Article 14 of the 2004 Regulation (‘Facilitation of operational cooperation with third countries and cooperation with competent authorities of third countries’) stipulated that:

In matters covered by its activities and to the extent required for the fulfilment of its tasks, the Agency shall facilitate the operational cooperation between Member States and third countries, in the framework of the European Union external relations policy.

The Agency may cooperate with the authorities of third countries competent in matters covered by this Regulation in the framework of working arrangements concluded with these authorities, in accordance with the relevant provisions of the Treaty.

This broad and rather vague provision was subsequently amended by the November 2011 Regulation, which added more detail and some safeguards to Article 14 of the Regulation:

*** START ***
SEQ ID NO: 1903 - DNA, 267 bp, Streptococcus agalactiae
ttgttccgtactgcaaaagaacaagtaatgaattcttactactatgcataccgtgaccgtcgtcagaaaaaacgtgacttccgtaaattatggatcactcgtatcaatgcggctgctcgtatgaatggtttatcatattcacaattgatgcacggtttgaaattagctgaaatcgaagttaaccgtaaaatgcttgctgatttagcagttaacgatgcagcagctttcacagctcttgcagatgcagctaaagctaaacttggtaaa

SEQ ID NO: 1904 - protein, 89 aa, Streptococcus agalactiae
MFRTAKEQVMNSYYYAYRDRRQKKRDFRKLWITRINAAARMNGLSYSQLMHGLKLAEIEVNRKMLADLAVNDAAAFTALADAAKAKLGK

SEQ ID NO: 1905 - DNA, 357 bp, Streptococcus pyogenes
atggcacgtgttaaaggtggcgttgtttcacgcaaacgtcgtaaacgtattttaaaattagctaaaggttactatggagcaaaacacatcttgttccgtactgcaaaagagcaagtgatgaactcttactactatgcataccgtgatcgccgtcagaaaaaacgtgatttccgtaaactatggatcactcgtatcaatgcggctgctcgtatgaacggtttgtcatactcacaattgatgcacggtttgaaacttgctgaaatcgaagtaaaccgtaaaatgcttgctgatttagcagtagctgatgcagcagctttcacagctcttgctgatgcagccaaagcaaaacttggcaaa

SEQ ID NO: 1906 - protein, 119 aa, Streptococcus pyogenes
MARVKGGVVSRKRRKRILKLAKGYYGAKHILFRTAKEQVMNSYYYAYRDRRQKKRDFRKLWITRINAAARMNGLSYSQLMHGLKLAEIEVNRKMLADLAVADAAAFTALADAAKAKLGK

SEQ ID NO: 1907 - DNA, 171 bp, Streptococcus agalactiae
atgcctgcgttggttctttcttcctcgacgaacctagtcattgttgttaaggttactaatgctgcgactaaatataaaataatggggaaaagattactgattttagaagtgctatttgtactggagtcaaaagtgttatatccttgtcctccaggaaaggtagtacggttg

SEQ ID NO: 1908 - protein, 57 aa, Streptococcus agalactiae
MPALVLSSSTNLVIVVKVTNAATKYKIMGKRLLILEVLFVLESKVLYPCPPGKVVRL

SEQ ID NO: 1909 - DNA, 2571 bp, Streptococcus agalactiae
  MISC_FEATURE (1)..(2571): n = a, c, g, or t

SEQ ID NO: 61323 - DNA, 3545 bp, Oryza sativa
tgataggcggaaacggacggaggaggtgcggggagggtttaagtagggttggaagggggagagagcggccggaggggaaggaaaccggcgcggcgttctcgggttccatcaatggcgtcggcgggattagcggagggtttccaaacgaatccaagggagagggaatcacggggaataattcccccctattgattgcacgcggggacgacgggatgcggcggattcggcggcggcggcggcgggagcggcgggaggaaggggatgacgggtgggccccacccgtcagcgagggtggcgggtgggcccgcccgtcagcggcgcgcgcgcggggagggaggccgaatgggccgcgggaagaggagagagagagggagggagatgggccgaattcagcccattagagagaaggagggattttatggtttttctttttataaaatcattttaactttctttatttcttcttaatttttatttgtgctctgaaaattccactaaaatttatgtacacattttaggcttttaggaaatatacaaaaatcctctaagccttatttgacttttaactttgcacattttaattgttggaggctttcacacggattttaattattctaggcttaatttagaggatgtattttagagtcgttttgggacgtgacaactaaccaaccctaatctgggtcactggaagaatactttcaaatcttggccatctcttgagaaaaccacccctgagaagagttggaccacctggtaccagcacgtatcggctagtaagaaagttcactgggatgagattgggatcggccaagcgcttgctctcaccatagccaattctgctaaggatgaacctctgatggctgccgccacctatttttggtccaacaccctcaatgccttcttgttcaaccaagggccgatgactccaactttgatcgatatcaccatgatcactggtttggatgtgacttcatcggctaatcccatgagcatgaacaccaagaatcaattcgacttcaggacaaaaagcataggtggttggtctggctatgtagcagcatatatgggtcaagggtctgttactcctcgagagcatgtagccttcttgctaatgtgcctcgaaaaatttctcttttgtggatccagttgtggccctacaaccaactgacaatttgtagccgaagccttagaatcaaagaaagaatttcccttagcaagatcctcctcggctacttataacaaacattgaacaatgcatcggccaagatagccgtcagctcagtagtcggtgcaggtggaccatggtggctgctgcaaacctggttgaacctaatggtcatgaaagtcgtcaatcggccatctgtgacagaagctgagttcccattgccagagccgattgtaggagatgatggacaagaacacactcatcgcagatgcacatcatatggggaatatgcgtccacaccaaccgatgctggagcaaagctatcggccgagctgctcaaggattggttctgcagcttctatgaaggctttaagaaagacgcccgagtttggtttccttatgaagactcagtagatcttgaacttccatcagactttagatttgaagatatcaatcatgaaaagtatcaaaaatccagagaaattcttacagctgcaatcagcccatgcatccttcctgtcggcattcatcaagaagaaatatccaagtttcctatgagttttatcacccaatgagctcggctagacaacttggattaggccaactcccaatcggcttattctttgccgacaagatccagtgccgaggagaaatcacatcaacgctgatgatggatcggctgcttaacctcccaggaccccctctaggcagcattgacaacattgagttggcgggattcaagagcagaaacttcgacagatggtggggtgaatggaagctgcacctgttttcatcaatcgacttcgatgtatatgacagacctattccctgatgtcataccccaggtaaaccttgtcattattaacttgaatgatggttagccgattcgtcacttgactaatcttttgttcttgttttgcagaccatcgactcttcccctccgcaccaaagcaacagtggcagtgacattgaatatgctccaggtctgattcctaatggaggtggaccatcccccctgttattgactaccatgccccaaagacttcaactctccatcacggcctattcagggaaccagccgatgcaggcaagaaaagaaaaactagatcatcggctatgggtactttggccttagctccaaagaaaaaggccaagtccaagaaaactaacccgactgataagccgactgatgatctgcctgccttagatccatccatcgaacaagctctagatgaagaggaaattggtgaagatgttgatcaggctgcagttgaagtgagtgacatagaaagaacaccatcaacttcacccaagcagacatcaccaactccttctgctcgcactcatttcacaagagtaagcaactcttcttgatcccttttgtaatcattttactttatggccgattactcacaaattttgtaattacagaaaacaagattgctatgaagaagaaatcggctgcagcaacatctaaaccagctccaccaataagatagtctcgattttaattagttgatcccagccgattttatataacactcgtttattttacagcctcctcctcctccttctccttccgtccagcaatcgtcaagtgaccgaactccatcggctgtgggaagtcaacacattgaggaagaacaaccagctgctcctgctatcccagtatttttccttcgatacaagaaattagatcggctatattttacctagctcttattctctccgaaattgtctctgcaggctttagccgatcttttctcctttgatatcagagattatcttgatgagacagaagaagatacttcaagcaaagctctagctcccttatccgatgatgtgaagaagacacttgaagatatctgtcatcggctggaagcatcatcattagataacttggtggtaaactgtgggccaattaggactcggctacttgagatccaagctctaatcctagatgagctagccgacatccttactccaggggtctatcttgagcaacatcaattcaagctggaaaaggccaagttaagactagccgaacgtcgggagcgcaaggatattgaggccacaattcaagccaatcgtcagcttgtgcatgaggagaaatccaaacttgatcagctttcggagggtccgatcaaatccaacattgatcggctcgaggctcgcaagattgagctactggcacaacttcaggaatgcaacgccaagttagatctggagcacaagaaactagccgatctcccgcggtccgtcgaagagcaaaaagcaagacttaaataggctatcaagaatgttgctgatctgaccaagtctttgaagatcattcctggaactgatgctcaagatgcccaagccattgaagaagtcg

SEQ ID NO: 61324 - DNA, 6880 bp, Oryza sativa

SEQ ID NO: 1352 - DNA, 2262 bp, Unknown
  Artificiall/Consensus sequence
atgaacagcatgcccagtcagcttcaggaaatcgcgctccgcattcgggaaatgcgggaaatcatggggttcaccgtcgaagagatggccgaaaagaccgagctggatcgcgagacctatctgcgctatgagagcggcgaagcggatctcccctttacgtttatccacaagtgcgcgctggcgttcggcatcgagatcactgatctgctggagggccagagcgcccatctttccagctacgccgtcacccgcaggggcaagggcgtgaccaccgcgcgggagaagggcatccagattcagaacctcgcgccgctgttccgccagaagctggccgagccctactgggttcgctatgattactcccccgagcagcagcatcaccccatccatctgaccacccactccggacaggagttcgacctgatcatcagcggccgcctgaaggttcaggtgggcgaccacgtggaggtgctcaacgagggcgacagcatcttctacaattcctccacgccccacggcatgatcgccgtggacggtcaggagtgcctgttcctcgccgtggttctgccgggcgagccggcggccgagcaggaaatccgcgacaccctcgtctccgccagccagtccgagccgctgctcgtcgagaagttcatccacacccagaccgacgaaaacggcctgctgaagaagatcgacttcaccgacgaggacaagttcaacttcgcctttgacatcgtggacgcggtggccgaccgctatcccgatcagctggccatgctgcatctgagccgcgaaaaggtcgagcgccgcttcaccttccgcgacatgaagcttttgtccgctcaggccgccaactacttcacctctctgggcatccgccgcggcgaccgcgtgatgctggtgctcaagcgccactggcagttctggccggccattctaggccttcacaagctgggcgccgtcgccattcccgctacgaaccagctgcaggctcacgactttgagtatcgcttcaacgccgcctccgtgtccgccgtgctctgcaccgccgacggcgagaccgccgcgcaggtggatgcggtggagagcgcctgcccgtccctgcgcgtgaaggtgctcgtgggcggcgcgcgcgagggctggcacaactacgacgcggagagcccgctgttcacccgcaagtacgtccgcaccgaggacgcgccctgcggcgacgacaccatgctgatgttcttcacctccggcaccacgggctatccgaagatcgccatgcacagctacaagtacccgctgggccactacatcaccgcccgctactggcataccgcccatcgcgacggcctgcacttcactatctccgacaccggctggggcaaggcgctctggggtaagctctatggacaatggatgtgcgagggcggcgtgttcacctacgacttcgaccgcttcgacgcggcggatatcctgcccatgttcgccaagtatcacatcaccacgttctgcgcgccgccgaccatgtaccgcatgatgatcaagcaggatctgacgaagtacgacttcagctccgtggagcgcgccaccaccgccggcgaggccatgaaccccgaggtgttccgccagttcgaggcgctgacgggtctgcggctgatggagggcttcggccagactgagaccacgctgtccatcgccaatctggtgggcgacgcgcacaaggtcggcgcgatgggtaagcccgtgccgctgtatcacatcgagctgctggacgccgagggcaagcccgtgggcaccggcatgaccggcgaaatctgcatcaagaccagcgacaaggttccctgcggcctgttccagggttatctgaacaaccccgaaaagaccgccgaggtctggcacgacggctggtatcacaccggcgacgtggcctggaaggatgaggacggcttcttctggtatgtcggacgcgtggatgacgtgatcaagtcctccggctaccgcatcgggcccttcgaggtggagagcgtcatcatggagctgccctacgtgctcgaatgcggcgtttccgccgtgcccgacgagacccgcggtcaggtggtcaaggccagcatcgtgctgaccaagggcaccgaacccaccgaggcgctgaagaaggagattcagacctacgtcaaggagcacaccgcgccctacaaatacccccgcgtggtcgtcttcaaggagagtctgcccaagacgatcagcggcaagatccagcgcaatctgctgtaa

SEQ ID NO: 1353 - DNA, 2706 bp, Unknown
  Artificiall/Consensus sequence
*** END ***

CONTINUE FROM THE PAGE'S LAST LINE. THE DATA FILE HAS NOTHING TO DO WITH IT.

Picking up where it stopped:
1. In matters covered by its activities and to the extent required for the fulfilment of its tasks, the Agency shall facilitate operational cooperation between Member States and third countries, within the framework of the external relations policy of the Union, including with regard to human rights. The Agency and the Member States shall comply with norms and standards at least equivalent to those set by Union legislation also when cooperation with third countries takes place on the territory of those countries. The establishment of cooperation with third countries shall serve to promote European border management standards, also covering respect for fundamental rights and human dignity.